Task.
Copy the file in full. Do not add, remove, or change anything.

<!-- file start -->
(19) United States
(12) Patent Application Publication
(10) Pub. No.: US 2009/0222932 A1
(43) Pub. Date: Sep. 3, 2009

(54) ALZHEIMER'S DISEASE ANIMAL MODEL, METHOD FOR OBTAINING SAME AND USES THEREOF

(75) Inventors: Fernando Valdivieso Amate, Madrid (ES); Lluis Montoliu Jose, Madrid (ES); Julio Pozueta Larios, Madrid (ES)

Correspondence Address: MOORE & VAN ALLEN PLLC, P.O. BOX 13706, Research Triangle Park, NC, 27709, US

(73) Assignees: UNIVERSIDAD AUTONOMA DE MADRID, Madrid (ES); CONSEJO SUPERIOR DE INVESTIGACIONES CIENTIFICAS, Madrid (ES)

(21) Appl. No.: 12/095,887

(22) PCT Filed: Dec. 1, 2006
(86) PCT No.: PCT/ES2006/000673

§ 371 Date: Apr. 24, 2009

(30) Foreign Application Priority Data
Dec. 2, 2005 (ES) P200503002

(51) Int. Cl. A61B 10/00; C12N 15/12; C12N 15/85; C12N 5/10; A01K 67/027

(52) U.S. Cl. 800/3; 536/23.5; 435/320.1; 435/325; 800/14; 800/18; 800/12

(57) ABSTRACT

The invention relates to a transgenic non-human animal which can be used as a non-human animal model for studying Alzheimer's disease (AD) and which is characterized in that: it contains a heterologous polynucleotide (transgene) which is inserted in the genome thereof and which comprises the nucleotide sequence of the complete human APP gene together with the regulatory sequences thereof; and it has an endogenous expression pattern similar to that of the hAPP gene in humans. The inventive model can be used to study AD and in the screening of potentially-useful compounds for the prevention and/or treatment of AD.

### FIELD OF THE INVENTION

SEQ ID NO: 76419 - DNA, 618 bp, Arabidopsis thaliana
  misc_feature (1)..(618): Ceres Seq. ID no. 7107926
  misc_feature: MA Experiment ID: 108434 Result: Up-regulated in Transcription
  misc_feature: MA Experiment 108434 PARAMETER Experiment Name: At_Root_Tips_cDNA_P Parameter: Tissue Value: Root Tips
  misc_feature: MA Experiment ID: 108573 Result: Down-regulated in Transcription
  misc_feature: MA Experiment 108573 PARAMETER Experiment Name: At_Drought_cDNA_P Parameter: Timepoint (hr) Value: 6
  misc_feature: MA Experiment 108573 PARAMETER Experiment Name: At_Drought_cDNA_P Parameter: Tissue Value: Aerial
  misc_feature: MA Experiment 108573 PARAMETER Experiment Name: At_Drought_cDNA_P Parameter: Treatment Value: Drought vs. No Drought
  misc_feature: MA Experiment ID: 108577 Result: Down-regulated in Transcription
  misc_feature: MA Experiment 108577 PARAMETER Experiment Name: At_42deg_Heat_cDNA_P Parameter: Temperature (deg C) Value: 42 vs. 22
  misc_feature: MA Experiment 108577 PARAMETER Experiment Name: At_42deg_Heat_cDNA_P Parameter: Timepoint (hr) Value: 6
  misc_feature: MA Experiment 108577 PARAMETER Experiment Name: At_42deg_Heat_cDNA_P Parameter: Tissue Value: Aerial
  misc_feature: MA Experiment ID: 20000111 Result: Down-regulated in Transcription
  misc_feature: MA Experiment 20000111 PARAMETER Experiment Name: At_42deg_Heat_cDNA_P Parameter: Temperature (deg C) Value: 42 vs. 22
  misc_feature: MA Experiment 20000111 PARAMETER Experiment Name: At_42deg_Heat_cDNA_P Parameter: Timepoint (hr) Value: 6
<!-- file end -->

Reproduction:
(19) United States
(12) Patent Application Publication
(10) Pub. No.: US 2009/0222932 A1
(43) Pub. Date: Sep. 3, 2009

(54) ALZHEIMER'S DISEASE ANIMAL MODEL, METHOD FOR OBTAINING SAME AND USES THEREOF

(75) Inventors: Fernando Valdivieso Amate, Madrid (ES); Lluis Montoliu Jose, Madrid (ES); Julio Pozueta Larios, Madrid (ES)

Correspondence Address: MOORE & VAN ALLEN PLLC, P.O. BOX 13706, Research Triangle Park, NC, 27709, US

(73) Assignees: UNIVERSIDAD AUTONOMA DE MADRID, Madrid (ES); CONSEJO SUPERIOR DE INVESTIGACIONES CIENTIFICAS, Madrid (ES)

(21) Appl. No.: 12/095,887

(22) PCT Filed: Dec. 1, 2006
(86) PCT No.: PCT/ES2006/000673

§ 371 Date: Apr. 24, 2009

(30) Foreign Application Priority Data
Dec. 2, 2005 (ES) P200503002

(51) Int. Cl. A61B 10/00; C12N 15/12; C12N 15/85; C12N 5/10; A01K 67/027

(52) U.S. Cl. 800/3; 536/23.5; 435/320.1; 435/325; 800/14; 800/18; 800/12

(57) ABSTRACT

The invention relates to a transgenic non-human animal which can be used as a non-human animal model for studying Alzheimer's disease (AD) and which is characterized in that: it contains a heterologous polynucleotide (transgene) which is inserted in the genome thereof and which comprises the nucleotide sequence of the complete human APP gene together with the regulatory sequences thereof; and it has an endogenous expression pattern similar to that of the hAPP gene in humans. The inventive model can be used to study AD and in the screening of potentially-useful compounds for the prevention and/or treatment of AD.

### FIELD OF THE INVENTION

SEQ ID NO: 76419 - DNA, 618 bp, Arabidopsis thaliana
  misc_feature (1)..(618): Ceres Seq. ID no. 7107926
  misc_feature: MA Experiment ID: 108434 Result: Up-regulated in Transcription
  misc_feature: MA Experiment 108434 PARAMETER Experiment Name: At_Root_Tips_cDNA_P Parameter: Tissue Value: Root Tips
  misc_feature: MA Experiment ID: 108573 Result: Down-regulated in Transcription
  misc_feature: MA Experiment 108573 PARAMETER Experiment Name: At_Drought_cDNA_P Parameter: Timepoint (hr) Value: 6
  misc_feature: MA Experiment 108573 PARAMETER Experiment Name: At_Drought_cDNA_P Parameter: Tissue Value: Aerial
  misc_feature: MA Experiment 108573 PARAMETER Experiment Name: At_Drought_cDNA_P Parameter: Treatment Value: Drought vs. No Drought
  misc_feature: MA Experiment ID: 108577 Result: Down-regulated in Transcription
  misc_feature: MA Experiment 108577 PARAMETER Experiment Name: At_42deg_Heat_cDNA_P Parameter: Temperature (deg C) Value: 42 vs. 22
  misc_feature: MA Experiment 108577 PARAMETER Experiment Name: At_42deg_Heat_cDNA_P Parameter: Timepoint (hr) Value: 6
  misc_feature: MA Experiment 108577 PARAMETER Experiment Name: At_42deg_Heat_cDNA_P Parameter: Tissue Value: Aerial
  misc_feature: MA Experiment ID: 20000111 Result: Down-regulated in Transcription
  misc_feature: MA Experiment 20000111 PARAMETER Experiment Name: At_42deg_Heat_cDNA_P Parameter: Temperature (deg C) Value: 42 vs. 22
  misc_feature: MA Experiment 20000111 PARAMETER Experiment Name: At_42deg_Heat_cDNA_P Parameter: Timepoint (hr) Value: 6